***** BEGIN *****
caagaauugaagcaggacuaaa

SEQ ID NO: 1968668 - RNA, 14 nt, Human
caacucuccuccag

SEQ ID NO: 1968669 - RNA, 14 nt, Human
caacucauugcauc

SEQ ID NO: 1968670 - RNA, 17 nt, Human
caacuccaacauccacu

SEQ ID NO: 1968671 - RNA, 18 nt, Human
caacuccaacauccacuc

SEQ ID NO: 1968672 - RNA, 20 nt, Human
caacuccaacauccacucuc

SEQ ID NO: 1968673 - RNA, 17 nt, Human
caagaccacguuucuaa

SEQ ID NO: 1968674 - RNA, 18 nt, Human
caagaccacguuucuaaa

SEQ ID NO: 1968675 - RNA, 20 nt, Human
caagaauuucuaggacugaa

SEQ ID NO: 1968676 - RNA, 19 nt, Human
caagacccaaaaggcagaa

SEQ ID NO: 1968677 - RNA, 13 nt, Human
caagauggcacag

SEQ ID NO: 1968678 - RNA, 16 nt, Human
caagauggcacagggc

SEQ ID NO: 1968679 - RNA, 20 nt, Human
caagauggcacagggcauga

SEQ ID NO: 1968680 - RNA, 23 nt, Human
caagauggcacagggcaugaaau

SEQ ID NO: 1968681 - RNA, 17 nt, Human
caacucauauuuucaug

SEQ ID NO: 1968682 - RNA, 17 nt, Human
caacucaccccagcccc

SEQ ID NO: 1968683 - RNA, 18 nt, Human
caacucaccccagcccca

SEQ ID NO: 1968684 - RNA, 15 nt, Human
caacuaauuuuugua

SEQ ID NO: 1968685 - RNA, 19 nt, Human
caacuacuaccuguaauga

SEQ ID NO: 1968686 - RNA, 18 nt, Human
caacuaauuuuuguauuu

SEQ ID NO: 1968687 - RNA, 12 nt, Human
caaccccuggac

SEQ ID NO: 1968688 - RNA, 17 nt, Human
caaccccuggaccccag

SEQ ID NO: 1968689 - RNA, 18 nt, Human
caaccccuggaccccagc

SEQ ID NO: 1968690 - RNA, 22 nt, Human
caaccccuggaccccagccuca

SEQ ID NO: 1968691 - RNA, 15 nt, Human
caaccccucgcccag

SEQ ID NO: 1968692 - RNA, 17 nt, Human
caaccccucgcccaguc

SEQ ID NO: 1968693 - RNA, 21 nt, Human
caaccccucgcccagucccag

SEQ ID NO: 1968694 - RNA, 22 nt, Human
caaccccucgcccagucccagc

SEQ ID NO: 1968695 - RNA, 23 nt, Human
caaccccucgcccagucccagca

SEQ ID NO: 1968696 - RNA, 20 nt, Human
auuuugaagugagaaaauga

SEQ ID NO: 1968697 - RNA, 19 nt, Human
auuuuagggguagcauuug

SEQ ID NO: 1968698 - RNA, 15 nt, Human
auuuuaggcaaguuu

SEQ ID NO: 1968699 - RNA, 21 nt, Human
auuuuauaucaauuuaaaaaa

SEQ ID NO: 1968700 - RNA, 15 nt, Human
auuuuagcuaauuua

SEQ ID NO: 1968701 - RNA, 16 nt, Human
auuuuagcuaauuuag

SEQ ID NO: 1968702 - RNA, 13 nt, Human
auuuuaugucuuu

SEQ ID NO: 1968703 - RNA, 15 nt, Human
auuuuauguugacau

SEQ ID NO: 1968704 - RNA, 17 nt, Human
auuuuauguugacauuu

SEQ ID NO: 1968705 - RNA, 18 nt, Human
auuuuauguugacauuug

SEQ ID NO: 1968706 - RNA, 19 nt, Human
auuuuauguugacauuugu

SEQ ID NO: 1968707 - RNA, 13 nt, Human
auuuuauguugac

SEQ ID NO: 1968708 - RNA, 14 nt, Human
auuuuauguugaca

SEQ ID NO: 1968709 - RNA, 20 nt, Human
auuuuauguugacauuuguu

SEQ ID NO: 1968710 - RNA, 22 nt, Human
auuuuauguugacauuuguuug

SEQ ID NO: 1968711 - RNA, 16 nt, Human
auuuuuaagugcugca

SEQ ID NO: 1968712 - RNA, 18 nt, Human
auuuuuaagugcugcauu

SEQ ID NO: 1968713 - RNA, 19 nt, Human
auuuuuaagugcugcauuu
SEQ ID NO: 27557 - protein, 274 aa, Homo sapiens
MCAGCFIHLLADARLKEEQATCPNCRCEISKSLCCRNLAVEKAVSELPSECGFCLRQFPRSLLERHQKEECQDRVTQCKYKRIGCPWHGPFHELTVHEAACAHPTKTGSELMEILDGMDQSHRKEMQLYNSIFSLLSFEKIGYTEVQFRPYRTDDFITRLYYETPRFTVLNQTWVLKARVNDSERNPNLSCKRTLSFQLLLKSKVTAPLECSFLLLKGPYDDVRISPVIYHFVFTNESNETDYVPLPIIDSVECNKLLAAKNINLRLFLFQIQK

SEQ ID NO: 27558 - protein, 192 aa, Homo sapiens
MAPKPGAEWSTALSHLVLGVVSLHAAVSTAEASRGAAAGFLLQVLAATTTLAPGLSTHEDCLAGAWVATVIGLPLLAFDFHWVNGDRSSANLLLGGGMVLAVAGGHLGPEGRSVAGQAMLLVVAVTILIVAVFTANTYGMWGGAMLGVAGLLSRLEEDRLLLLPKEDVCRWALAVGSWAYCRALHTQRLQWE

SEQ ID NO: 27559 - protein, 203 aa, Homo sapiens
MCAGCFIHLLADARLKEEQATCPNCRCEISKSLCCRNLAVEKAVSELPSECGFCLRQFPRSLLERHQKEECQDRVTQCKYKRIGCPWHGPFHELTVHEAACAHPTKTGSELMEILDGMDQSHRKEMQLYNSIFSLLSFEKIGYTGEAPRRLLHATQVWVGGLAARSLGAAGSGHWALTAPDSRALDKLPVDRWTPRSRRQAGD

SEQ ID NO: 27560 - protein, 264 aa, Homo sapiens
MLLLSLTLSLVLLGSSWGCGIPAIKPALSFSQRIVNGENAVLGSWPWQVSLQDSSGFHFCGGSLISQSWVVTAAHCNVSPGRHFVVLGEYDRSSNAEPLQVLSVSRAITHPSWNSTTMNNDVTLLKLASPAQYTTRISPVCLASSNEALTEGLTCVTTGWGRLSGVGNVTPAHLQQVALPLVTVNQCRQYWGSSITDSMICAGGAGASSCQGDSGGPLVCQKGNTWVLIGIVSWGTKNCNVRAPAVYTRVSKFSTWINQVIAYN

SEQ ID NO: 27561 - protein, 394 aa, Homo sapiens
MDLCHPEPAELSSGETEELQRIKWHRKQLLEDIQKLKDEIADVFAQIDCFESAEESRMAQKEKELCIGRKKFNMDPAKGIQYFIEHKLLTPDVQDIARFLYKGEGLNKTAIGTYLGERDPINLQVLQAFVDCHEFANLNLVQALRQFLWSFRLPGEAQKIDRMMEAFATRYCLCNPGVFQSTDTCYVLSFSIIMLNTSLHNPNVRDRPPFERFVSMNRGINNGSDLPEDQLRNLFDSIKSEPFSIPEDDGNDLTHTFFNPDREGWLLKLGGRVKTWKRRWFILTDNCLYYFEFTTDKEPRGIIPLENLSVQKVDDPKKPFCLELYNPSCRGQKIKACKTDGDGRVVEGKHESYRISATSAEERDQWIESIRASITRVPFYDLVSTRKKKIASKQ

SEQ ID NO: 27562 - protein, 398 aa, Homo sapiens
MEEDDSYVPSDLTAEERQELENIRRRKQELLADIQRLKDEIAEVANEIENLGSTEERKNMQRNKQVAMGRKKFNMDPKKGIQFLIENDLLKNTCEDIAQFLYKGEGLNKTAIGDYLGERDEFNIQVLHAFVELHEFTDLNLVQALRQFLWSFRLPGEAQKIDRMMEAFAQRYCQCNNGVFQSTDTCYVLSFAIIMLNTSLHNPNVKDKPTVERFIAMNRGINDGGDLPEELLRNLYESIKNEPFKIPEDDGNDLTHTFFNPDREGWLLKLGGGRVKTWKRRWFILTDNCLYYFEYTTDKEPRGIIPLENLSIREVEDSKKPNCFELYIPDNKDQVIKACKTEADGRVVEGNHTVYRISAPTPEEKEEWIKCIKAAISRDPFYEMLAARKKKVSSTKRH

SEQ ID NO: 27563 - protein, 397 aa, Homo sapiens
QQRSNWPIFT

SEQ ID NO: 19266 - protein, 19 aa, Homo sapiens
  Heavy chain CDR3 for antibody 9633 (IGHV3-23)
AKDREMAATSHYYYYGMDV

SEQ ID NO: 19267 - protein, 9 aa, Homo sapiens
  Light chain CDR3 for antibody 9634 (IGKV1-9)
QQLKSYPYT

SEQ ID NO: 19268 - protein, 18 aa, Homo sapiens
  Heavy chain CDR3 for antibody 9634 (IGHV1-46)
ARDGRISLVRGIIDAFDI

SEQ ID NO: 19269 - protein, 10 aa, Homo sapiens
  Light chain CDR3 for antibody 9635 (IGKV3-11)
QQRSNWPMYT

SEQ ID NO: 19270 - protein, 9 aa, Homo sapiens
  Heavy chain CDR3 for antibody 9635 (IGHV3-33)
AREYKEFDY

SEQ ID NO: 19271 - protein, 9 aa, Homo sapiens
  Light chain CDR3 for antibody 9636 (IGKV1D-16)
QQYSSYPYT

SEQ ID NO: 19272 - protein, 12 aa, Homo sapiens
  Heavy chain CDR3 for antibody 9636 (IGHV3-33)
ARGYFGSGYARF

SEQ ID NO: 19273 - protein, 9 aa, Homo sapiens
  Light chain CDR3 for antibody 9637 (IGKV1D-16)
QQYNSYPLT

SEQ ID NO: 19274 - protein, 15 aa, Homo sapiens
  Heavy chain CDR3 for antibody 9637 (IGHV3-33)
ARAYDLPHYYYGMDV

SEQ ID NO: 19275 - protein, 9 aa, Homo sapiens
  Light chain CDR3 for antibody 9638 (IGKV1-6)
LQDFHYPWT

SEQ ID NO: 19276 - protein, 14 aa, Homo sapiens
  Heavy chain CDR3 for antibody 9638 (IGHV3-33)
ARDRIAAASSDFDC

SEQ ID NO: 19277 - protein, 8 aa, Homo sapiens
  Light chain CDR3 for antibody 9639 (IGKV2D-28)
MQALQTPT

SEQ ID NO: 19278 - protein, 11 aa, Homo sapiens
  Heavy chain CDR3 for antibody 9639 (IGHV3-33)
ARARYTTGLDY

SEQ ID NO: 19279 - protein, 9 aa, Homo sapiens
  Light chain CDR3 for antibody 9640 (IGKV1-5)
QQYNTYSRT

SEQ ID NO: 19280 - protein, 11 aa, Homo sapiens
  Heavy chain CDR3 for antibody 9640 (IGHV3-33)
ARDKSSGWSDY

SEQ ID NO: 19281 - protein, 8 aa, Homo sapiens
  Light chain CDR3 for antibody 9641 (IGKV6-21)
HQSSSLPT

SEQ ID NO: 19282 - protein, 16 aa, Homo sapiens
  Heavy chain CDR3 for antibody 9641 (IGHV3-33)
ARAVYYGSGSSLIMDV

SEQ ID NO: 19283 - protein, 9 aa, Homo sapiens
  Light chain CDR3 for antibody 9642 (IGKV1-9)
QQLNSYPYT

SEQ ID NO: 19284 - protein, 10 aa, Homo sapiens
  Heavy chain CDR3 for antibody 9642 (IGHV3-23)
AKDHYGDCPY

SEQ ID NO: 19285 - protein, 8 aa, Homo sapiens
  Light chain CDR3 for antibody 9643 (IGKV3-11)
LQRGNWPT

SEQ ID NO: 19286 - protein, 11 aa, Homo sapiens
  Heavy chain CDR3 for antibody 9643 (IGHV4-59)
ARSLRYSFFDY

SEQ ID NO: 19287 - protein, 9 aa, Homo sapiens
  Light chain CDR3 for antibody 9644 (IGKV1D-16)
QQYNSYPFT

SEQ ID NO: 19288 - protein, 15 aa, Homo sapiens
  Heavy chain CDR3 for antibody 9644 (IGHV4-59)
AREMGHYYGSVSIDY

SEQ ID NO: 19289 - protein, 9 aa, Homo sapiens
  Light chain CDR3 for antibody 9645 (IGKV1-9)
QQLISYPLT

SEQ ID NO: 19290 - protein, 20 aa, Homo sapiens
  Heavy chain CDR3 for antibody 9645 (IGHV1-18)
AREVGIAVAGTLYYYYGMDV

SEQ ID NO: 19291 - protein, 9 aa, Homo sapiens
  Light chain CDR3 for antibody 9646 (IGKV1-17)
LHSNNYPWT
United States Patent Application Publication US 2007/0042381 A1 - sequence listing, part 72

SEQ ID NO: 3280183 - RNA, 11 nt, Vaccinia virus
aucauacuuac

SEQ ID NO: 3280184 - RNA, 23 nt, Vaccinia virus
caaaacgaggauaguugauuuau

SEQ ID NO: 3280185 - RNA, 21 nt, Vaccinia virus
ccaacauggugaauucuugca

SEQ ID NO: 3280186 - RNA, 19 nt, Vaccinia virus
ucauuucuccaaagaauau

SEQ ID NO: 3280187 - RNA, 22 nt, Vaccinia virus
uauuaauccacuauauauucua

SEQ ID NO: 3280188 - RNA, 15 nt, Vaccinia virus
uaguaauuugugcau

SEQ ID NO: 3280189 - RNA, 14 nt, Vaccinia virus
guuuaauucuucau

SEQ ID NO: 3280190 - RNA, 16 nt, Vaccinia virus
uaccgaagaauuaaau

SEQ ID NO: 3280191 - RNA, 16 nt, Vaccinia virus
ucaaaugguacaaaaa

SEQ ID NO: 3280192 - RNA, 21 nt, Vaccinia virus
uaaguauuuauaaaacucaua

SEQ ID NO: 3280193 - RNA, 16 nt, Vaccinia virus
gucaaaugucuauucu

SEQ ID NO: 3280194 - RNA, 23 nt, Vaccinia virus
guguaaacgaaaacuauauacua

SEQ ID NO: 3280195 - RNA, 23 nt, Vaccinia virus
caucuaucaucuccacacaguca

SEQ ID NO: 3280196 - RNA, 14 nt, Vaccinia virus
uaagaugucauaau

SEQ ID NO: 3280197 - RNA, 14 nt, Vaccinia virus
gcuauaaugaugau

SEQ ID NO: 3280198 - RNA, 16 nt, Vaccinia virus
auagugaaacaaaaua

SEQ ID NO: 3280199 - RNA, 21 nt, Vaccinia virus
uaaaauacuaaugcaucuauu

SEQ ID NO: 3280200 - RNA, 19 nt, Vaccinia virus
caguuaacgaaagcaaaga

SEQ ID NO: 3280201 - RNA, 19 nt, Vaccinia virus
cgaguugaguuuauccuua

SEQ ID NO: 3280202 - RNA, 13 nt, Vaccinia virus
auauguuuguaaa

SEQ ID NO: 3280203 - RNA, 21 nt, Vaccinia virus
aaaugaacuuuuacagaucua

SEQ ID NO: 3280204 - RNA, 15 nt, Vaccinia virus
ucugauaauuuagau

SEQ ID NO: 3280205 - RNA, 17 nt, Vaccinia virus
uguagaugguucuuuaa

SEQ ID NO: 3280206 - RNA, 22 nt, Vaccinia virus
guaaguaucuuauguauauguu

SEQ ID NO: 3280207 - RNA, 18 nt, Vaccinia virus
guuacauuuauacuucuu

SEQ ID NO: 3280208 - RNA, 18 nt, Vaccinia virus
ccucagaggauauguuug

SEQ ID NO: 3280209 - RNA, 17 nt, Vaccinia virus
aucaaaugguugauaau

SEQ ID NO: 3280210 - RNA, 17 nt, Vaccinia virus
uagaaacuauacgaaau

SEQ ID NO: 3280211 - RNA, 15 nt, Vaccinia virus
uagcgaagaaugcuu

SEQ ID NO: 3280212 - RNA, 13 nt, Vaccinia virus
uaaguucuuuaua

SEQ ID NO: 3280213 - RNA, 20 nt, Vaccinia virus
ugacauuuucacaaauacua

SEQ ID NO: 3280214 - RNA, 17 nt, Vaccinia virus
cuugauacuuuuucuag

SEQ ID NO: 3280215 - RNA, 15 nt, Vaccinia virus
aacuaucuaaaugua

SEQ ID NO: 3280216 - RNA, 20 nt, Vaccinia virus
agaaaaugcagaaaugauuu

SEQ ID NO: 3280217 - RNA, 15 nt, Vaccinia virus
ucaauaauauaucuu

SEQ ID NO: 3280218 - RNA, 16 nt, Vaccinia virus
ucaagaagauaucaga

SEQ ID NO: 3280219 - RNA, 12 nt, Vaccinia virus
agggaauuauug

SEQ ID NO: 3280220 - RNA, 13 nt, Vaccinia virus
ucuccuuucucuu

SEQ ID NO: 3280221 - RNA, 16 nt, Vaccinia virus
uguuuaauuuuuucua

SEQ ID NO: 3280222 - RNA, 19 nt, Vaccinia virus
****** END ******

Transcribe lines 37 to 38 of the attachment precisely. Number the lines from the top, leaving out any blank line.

caacuacuaccuguaauga

SEQ ID NO: 1968686 - RNA, 18 nt, Human